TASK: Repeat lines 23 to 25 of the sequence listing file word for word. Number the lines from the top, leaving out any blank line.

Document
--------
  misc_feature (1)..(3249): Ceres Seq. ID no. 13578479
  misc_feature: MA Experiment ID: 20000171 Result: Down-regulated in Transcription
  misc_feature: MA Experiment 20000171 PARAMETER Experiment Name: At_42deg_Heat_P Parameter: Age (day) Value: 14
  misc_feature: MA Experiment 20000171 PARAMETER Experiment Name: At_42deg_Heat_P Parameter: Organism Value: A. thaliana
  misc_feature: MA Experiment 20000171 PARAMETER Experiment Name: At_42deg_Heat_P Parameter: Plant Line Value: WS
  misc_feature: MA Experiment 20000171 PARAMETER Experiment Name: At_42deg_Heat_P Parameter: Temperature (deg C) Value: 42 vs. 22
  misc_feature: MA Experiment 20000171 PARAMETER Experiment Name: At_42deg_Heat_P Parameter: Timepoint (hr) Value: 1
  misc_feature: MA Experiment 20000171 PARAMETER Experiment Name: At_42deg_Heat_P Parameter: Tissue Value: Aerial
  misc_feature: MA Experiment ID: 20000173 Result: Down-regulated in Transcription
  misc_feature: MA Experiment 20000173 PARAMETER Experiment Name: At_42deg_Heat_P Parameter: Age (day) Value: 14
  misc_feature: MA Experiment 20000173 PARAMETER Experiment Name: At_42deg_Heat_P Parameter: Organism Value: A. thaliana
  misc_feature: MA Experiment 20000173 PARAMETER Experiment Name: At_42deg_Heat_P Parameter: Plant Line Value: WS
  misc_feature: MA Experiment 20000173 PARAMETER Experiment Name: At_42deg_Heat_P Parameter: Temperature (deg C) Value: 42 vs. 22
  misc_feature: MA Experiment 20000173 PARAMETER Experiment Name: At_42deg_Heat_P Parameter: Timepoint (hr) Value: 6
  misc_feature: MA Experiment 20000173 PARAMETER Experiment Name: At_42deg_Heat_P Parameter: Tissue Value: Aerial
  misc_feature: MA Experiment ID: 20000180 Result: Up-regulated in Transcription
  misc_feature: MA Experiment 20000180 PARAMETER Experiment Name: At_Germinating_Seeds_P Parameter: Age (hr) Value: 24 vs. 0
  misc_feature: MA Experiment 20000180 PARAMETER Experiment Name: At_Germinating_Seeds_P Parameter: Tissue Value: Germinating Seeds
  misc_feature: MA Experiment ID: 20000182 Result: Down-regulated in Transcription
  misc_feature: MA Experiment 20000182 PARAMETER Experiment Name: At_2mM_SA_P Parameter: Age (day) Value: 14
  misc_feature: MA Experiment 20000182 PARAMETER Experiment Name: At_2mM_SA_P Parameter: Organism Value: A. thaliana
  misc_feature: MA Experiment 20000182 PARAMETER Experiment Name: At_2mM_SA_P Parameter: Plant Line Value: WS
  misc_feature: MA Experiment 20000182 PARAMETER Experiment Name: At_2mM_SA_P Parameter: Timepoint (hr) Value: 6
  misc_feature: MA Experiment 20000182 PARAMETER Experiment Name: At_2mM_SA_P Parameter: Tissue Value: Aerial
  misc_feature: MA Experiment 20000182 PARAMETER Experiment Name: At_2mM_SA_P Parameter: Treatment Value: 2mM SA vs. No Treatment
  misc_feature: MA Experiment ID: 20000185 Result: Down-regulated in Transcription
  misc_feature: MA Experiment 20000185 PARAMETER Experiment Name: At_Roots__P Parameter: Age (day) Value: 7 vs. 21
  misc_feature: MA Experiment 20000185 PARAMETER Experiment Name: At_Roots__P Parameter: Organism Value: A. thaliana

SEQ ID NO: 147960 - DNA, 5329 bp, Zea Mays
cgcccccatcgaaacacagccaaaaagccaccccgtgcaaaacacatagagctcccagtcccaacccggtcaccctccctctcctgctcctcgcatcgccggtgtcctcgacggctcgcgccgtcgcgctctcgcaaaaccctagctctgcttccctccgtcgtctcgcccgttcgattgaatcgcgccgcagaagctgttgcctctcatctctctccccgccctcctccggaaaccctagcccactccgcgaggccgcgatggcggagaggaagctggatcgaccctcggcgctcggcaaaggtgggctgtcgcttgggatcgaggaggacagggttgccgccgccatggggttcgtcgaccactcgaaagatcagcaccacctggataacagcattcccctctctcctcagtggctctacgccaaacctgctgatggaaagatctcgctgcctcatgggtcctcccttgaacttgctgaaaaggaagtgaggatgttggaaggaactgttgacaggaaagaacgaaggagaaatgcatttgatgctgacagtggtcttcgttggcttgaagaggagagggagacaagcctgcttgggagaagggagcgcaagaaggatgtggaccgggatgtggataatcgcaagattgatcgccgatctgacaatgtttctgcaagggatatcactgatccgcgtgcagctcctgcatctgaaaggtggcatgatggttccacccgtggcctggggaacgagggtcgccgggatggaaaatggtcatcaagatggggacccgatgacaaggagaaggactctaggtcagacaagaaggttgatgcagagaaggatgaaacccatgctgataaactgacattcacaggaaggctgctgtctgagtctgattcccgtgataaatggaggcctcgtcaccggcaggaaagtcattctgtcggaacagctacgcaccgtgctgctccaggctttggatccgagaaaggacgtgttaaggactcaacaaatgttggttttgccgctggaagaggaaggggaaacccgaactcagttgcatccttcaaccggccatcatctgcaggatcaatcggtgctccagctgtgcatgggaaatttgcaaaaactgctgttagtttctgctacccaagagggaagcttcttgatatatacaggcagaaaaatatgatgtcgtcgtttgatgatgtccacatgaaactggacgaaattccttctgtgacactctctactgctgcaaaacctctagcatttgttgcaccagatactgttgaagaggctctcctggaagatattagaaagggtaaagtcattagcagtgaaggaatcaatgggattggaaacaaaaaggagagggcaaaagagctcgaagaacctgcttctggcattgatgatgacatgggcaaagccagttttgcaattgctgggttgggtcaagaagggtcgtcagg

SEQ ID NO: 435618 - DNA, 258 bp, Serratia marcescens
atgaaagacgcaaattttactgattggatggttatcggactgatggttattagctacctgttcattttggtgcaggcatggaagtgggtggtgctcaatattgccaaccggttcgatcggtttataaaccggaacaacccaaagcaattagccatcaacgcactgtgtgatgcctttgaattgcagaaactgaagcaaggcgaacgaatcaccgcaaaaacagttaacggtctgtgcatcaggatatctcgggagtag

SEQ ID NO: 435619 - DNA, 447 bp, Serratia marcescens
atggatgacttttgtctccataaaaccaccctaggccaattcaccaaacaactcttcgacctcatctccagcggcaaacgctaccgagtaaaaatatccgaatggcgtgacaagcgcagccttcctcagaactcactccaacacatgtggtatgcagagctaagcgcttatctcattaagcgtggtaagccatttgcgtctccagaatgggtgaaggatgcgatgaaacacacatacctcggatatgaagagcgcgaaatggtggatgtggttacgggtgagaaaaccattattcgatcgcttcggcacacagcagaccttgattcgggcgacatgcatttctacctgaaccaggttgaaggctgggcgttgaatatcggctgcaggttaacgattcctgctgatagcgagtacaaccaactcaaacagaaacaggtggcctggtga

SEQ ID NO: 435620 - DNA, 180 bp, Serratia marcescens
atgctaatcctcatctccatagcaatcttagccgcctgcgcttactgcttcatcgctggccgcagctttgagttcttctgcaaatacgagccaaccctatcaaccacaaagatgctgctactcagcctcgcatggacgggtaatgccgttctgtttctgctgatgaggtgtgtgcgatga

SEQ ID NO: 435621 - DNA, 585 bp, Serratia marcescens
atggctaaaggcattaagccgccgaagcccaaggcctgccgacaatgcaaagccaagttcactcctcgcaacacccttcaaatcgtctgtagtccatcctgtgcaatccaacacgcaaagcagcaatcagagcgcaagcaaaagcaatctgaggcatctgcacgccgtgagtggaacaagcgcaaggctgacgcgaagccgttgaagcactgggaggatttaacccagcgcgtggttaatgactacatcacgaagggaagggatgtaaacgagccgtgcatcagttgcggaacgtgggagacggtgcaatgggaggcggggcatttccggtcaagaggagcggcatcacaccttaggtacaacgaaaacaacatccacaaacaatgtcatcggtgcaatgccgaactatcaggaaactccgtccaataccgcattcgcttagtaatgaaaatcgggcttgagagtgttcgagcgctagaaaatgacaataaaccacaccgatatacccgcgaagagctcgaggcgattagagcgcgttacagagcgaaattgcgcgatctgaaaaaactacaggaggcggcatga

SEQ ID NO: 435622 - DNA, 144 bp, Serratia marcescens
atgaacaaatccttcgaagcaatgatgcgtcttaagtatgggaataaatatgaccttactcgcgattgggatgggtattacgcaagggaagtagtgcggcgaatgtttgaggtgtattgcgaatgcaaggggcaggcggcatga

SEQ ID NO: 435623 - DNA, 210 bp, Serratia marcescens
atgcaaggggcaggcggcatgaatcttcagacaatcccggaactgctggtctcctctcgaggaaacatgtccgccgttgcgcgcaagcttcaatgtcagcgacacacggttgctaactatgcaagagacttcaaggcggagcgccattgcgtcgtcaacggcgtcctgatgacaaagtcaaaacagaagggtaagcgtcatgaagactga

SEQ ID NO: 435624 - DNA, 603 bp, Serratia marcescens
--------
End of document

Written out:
  misc_feature: MA Experiment 20000182 PARAMETER Experiment Name: At_2mM_SA_P Parameter: Timepoint (hr) Value: 6
  misc_feature: MA Experiment 20000182 PARAMETER Experiment Name: At_2mM_SA_P Parameter: Tissue Value: Aerial
  misc_feature: MA Experiment 20000182 PARAMETER Experiment Name: At_2mM_SA_P Parameter: Treatment Value: 2mM SA vs. No Treatment